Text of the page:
ENVIRONMENTAL EDUCATION PROGRAMS

Center for Wildlife's mission extends to educating our community about wildlife ecology, human impacts on wildlife and critical ecosystems, and stewardship in a region facing intense pressure from development and population growth.

 

Our education and outreach programs offer an opportunity for Project WILD educators, live animal ambassadors, hands-on materials, and displays to foster the natural connection between people and wildlife, inspiring the conservationist within. 

Center for Wildlife’s exciting team of live, non-releasable wildlife “ambassadors” trained for presentation to audiences (including owls, hawks, falcons, Virginia opossum, big brown bat, turtles and snakes), and our Environmental Educators offer a unique opportunity to bring lessons to life and see local wildlife up close and personal.

All of our educational programs are now offered virtually so that you can learn about our wild world from the comfort of your own home, classroom or office!

Check out our educational program offerings below.

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To book a program, click on the "book now" button,

or call our Education and Outreach team at 207.361.1400 ext. 105

We look forward to hearing from you!

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Scavengers: Nature's Cleanup Crew

When it comes to food, most animals think that fresh is best, but not so with our wild scavengers. Often seen as gross and mean, our scavengers play an incredibly important role in the breakdown of dead plants and animals, and leave their habitat cleaner and more beautiful than they found it. Our educators and non-releasable scavenger ambassadors will bust many of the most common myths and misconceptions about these beautiful, misunderstood wild friends.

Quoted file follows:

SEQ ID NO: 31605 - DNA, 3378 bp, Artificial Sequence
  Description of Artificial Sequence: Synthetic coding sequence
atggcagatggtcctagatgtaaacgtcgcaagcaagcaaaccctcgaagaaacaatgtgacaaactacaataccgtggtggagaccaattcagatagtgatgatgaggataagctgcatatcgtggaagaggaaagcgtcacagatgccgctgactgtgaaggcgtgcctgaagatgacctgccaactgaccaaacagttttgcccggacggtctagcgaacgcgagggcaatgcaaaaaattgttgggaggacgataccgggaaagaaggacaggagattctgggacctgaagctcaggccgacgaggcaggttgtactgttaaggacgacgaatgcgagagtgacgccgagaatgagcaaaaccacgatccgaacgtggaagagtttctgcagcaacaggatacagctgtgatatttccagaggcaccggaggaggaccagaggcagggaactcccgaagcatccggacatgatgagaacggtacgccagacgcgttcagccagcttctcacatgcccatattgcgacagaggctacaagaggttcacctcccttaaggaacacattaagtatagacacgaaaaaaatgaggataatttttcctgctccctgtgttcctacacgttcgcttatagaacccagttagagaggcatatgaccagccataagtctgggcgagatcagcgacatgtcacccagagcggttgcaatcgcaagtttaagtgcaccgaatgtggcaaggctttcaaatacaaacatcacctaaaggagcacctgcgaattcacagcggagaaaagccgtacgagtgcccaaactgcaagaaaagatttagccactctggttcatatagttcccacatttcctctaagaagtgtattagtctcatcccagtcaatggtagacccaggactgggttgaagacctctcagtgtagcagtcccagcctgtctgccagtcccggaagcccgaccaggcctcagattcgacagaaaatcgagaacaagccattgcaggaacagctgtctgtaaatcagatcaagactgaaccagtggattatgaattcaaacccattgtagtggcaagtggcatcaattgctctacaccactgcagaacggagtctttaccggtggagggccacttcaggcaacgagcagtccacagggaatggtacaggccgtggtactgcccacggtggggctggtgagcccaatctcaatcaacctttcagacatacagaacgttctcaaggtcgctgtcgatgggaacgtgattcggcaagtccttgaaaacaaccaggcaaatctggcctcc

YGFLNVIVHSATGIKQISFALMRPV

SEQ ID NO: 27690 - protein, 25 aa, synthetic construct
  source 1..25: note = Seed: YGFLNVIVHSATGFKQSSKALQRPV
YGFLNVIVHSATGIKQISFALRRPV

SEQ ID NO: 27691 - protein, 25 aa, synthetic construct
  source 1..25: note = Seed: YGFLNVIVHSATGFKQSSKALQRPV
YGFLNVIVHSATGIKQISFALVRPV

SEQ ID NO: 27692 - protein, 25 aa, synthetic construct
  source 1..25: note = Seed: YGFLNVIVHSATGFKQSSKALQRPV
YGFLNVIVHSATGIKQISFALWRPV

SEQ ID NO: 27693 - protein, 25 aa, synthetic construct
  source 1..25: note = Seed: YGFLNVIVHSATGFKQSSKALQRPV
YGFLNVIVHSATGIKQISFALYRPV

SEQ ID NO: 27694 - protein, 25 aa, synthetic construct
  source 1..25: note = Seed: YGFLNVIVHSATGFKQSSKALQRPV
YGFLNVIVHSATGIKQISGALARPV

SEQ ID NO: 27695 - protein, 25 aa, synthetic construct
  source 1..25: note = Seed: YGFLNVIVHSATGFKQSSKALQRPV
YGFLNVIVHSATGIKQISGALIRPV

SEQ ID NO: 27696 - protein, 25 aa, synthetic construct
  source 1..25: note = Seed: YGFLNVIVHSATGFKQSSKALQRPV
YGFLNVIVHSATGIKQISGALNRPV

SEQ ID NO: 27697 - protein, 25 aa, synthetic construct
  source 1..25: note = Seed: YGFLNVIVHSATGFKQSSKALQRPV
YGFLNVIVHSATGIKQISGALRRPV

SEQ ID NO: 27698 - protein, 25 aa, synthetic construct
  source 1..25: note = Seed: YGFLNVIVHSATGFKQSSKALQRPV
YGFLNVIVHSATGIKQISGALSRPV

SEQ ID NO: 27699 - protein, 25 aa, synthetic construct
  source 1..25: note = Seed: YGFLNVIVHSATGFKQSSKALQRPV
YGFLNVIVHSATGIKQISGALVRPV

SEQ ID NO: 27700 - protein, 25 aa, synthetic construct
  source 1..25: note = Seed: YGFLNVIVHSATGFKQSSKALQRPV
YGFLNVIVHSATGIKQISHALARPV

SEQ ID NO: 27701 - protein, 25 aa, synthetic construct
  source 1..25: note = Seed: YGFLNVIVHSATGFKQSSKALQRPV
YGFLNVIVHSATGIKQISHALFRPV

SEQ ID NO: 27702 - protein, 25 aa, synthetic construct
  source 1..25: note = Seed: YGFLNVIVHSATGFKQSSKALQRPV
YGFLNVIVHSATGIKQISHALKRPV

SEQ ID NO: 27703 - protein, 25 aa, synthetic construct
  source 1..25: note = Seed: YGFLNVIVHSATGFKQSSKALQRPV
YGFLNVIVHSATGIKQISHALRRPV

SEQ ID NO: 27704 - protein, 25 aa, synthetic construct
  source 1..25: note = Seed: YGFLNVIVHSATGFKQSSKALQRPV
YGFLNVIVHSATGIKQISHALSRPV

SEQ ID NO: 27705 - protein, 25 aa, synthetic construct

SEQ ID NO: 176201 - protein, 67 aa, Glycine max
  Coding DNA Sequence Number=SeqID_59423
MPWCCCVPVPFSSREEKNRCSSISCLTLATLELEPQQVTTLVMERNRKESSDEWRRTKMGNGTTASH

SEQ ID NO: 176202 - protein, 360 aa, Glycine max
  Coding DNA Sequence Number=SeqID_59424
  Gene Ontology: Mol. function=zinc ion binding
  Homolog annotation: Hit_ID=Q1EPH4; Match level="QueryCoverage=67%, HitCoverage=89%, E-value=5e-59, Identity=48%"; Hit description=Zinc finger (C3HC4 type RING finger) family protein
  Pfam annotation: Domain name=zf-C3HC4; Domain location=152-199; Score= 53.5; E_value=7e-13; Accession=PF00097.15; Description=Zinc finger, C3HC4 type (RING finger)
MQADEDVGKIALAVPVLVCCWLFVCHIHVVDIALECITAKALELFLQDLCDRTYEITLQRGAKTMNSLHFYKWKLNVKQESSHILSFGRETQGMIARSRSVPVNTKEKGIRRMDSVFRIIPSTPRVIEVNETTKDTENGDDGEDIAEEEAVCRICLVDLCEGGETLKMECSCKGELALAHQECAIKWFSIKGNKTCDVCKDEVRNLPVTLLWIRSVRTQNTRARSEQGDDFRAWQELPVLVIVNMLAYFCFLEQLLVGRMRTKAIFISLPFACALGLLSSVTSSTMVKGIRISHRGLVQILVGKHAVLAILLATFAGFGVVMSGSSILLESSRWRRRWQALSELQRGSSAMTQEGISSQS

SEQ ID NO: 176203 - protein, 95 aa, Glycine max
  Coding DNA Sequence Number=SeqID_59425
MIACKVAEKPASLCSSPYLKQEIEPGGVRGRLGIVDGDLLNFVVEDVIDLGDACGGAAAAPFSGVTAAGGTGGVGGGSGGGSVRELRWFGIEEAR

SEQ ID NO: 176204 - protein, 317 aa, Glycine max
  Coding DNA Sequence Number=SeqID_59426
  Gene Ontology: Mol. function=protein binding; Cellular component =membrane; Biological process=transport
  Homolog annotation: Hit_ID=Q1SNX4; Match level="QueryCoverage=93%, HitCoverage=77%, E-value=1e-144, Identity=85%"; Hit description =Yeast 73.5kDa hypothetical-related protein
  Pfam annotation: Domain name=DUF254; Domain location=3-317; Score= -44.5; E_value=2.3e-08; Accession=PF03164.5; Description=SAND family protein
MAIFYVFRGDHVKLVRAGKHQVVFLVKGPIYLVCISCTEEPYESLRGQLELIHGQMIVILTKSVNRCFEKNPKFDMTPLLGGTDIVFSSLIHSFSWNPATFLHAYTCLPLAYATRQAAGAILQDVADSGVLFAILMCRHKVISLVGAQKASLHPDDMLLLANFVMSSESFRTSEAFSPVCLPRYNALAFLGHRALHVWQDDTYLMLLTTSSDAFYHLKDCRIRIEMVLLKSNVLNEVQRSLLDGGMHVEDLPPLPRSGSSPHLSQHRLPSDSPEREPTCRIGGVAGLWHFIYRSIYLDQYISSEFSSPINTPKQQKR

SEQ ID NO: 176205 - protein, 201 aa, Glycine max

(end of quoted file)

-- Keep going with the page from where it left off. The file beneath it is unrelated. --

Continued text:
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Nature As My Muse

Throughout the history of humans, we have derived inspiration from nature.  Through art, biomimicry, technology, sound, and behavior, we find beauty and health in our surroundings.  This cross-curricular program brings a brief Powerpoint presentation outlining a bit of history of just some of the ways we have been inspired by nature into arts and science classrooms.  Following the Powerpoint presentation, participants are able to meet some of our non-releasable Animal Ambassadors up close and in person and be inspired by them to create their own works of art and share some of the knowledge they have gained during the presentation to be able to share with their community.  This program lends itself to any medium of art from sculpting to photography, field sketching to oils, crayons to acrylics and more.  Let nature be your muse!

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Raptors, Reptiles & Mammals